Analysis Services uses the Windows File System Cache to improve performance of reading files off disk. In performance testing MDX, clearing the Windows File System Cache may allow for more accurate cold-cache tests.
To clear the active and standby
Windows File System Cache, run the following:
To clear just the active Windows File System Cache, run the following:
You can monitor the size of the active Windows File System Cache by looking at "Memory\Cache Bytes" (and Cache Bytes Peak) in perfmon. You can monitor the size of the standby Windows File System Cache by looking at the "Memory\Standby Cache Normal Priority Bytes" perfmon counter. Or you can run the following sproc which returns the current Cache Bytes (in bytes and in GB), Cache Bytes Peak (in bytes and GB), and Standby Cache (in bytes and GB):
Be sure to also use the ClearCache
function to clear the Analysis Services cache. This is separate from the Windows System File Cache. Better yet, run ClearAllCaches which clears the Analysis Services cache and the active and standby file system cache in one sproc call:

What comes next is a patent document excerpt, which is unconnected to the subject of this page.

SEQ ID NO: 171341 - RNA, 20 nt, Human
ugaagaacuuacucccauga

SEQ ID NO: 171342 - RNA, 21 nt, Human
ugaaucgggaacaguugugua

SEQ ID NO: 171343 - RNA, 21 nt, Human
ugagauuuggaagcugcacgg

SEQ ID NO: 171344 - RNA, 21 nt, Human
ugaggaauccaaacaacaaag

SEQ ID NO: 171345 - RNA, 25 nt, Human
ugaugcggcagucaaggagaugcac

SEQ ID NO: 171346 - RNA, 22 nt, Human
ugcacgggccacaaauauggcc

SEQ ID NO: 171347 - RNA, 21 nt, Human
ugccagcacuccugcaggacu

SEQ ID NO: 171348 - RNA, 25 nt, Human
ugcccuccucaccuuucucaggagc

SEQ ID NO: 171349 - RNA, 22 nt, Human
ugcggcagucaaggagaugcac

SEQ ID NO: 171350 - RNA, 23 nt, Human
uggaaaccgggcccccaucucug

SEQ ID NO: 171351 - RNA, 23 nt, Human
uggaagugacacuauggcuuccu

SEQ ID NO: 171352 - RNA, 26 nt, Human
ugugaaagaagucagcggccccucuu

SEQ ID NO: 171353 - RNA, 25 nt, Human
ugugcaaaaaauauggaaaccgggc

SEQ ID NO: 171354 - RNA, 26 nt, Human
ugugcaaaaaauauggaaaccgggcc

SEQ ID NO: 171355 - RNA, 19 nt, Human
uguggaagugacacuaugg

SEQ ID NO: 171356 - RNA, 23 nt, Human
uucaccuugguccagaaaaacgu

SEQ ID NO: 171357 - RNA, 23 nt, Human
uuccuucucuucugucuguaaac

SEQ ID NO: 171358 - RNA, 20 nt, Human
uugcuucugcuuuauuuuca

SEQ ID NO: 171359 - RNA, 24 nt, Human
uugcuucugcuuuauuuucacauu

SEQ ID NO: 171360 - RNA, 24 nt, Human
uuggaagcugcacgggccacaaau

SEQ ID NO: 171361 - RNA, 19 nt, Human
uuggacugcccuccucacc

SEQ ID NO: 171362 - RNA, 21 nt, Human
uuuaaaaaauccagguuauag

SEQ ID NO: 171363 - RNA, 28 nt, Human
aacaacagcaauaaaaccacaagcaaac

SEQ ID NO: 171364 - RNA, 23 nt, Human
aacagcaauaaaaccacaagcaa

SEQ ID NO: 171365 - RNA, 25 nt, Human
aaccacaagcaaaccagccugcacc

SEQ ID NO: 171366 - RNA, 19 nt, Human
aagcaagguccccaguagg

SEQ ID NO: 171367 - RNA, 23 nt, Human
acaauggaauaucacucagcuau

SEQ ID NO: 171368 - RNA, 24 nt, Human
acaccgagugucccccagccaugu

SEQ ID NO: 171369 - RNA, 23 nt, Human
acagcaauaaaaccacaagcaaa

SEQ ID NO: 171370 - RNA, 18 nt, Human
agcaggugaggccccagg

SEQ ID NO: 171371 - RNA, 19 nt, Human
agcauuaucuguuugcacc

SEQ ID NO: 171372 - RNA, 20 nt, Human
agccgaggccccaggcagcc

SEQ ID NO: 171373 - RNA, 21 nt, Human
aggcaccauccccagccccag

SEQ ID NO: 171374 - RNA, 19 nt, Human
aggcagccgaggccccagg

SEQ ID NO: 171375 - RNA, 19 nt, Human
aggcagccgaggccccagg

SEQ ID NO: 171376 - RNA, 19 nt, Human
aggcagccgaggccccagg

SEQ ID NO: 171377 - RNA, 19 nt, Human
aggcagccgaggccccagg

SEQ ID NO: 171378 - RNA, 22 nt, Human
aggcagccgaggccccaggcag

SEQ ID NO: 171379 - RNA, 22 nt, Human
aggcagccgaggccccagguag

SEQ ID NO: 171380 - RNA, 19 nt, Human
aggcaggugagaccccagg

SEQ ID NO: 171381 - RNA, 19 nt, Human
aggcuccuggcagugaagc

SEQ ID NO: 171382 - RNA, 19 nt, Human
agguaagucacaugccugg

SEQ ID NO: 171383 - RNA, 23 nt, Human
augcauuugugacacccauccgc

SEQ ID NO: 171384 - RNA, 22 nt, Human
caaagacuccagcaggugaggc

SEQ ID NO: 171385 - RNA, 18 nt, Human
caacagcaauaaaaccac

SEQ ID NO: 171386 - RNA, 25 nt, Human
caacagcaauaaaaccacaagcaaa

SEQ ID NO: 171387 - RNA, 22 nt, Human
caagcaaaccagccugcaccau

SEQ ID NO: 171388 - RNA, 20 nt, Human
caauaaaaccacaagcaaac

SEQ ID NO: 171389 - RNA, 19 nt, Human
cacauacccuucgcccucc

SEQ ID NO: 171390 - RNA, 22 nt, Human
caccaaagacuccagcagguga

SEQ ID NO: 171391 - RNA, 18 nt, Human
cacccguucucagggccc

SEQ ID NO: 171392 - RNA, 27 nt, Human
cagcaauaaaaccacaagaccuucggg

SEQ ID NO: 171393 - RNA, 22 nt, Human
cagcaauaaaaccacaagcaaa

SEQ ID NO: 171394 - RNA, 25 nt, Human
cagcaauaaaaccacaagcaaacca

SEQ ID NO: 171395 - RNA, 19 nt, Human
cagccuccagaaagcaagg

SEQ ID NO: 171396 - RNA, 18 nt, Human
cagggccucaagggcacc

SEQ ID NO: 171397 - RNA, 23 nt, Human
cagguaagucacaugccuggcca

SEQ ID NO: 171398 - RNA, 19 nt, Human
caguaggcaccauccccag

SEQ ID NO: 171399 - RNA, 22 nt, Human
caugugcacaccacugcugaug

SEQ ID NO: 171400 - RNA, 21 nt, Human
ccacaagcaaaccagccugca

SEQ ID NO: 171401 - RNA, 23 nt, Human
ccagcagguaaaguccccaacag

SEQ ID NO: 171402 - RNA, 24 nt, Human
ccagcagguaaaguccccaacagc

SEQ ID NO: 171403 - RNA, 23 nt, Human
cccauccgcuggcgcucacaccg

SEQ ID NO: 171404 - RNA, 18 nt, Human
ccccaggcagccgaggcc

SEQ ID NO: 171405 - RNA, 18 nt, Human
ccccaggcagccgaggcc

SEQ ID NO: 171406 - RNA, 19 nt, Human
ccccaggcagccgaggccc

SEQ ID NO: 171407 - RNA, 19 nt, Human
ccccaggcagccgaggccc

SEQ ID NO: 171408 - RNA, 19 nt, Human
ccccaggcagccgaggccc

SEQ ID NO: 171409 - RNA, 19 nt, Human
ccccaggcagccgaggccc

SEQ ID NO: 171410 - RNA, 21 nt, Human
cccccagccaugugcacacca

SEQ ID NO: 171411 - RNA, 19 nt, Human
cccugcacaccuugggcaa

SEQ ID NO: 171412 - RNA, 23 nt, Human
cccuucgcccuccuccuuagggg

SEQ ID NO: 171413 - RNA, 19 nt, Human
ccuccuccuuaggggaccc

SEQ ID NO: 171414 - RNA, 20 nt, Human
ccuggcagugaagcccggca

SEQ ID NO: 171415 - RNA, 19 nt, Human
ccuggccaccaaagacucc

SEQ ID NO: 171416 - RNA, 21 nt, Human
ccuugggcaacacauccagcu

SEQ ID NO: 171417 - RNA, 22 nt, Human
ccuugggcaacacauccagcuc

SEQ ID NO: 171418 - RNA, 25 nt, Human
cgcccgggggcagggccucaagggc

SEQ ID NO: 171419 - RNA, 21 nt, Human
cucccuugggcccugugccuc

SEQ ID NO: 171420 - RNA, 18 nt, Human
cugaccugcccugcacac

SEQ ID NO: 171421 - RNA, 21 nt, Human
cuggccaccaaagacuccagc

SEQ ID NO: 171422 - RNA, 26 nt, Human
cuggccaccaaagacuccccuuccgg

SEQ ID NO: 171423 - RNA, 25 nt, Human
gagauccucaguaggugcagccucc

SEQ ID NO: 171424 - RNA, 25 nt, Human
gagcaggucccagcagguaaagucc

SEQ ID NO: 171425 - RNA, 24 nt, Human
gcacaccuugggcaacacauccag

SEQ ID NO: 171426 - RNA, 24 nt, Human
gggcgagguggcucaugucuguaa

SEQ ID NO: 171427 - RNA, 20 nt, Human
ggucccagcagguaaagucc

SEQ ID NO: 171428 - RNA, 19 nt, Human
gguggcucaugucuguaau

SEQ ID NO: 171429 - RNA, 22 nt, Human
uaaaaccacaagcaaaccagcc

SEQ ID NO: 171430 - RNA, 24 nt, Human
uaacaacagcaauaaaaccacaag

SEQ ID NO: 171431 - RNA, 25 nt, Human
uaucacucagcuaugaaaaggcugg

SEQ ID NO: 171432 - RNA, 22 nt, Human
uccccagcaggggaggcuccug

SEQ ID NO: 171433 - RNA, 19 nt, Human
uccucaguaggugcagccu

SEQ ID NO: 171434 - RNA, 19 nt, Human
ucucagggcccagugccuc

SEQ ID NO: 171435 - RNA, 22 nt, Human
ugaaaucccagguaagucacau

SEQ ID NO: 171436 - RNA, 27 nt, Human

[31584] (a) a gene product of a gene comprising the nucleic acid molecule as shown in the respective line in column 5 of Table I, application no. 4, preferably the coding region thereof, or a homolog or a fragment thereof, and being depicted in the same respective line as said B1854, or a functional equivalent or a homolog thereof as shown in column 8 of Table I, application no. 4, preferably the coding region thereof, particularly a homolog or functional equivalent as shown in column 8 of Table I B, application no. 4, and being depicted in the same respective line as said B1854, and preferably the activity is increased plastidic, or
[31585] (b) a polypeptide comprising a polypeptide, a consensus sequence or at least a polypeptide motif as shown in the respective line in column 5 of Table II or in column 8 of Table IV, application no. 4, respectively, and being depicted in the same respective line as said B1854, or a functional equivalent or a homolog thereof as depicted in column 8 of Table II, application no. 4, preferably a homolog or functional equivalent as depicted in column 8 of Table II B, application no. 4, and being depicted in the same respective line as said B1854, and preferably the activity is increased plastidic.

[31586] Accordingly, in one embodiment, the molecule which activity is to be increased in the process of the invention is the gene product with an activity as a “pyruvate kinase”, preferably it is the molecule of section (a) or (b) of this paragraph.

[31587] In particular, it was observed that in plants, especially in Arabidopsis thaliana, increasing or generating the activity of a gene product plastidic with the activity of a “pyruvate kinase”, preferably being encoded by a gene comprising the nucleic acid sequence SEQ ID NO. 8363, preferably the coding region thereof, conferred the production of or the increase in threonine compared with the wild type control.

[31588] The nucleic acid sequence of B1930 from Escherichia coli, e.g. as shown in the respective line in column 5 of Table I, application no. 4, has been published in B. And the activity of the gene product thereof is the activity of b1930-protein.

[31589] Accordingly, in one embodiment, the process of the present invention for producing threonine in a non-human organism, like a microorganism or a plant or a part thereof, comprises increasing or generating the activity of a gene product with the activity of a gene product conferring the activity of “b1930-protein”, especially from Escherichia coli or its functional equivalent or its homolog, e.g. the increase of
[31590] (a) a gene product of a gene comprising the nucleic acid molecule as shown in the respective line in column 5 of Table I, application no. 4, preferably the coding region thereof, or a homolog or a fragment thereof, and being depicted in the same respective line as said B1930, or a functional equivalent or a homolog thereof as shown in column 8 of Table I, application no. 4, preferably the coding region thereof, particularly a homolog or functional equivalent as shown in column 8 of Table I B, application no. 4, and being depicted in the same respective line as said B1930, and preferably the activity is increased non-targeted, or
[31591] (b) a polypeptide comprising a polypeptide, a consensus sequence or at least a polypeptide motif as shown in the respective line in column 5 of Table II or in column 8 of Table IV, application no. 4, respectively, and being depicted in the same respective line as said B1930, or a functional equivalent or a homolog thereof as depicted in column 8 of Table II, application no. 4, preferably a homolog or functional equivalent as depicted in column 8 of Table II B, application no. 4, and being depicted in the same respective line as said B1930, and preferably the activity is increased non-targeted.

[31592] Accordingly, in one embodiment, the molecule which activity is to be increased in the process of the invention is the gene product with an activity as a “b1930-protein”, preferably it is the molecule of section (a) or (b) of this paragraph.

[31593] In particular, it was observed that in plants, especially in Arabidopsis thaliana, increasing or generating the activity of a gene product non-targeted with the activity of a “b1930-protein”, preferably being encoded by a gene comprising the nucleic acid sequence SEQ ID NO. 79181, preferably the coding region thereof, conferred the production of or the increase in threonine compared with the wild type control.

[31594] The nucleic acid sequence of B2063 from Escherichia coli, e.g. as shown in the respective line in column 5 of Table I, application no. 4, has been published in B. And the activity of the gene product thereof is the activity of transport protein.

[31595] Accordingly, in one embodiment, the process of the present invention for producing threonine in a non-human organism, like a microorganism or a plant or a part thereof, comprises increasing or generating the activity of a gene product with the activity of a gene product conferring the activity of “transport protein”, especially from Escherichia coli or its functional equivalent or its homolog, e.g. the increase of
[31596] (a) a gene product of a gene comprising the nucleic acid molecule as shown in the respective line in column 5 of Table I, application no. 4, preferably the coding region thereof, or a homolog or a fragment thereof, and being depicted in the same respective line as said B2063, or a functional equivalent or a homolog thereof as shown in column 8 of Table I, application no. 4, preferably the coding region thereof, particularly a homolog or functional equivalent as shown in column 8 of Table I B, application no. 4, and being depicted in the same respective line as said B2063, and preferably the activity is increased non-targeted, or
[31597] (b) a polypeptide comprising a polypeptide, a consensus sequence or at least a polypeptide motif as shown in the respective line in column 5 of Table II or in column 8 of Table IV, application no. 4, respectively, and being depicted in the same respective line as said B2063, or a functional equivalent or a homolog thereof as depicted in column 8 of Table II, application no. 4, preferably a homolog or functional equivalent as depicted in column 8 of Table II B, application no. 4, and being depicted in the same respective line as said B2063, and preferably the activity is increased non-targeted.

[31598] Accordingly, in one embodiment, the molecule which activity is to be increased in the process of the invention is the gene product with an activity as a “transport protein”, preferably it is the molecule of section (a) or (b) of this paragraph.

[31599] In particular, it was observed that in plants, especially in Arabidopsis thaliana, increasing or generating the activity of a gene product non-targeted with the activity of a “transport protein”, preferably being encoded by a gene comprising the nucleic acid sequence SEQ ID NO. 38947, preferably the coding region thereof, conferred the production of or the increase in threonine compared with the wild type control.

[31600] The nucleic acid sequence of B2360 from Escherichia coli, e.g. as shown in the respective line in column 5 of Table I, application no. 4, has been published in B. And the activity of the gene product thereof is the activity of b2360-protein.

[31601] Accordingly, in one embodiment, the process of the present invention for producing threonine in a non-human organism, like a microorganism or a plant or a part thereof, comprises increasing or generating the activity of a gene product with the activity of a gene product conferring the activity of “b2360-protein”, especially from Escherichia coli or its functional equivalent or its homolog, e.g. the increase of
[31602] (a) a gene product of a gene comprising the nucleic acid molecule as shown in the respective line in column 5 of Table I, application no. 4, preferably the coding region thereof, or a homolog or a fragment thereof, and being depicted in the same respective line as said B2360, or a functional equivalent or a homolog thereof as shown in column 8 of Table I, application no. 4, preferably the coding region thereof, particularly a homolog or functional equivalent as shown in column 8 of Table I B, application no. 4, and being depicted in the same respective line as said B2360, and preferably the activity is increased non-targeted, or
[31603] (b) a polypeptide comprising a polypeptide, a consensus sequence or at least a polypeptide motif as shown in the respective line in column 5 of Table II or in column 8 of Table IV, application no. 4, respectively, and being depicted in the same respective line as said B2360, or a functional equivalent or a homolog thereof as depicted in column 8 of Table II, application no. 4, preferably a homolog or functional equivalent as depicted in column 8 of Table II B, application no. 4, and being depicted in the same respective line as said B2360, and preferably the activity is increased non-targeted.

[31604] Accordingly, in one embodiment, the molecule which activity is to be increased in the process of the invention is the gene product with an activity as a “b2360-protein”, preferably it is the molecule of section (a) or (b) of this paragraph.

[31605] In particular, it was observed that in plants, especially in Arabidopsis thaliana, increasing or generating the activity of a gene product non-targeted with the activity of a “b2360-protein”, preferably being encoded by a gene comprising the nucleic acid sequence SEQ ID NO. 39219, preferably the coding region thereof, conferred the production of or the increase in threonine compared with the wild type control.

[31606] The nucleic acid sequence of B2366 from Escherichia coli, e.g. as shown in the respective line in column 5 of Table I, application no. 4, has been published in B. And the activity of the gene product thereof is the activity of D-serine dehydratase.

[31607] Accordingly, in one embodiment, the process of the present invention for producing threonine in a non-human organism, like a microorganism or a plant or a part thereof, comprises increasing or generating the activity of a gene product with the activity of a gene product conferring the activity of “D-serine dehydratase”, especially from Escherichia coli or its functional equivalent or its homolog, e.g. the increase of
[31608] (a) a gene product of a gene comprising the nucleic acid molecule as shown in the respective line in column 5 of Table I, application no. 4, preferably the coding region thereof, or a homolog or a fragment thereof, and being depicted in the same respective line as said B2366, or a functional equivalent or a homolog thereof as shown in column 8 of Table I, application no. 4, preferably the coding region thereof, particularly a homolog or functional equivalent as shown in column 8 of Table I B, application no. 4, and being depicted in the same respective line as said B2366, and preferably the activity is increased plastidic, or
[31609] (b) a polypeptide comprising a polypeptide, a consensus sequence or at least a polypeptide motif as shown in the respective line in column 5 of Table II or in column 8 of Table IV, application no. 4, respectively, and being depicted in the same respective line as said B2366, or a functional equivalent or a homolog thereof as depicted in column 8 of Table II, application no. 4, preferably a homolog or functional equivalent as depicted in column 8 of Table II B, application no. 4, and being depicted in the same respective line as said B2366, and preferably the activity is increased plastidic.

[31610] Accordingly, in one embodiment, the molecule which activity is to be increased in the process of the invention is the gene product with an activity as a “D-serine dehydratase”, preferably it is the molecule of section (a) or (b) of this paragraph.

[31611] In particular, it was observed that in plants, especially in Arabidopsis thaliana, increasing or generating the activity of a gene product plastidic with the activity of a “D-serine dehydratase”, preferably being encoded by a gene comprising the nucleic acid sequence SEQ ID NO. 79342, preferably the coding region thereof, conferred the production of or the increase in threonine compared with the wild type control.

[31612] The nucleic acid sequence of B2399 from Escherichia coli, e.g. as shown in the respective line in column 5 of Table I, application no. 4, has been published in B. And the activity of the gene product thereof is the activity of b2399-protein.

To keep the active Windows System File Cache trimmed, set the LimitSystemFileCacheSizeMB setting in msmdsrv.ini instead of using this ASSP function.Note:
Starting with release 1.3.5, these stored procedures account for the standby file system cache properly.Note:
It is not recommended you use this ASSP function on a production system as SSAS will need to read the files off disk instead of from the Windows System File Cache.Note:
The account/impersonation used to run these stored procs needs adequate permissions (SE_INCREASE_QUOTA_NAME and SE_PROFILE_SINGLE_PROCESS_NAME, to be specific, but Administrator permissions to be more simplistic). A common mistake is running the sproc from Management Studio on the server without running Management Studio as administrator when you open it.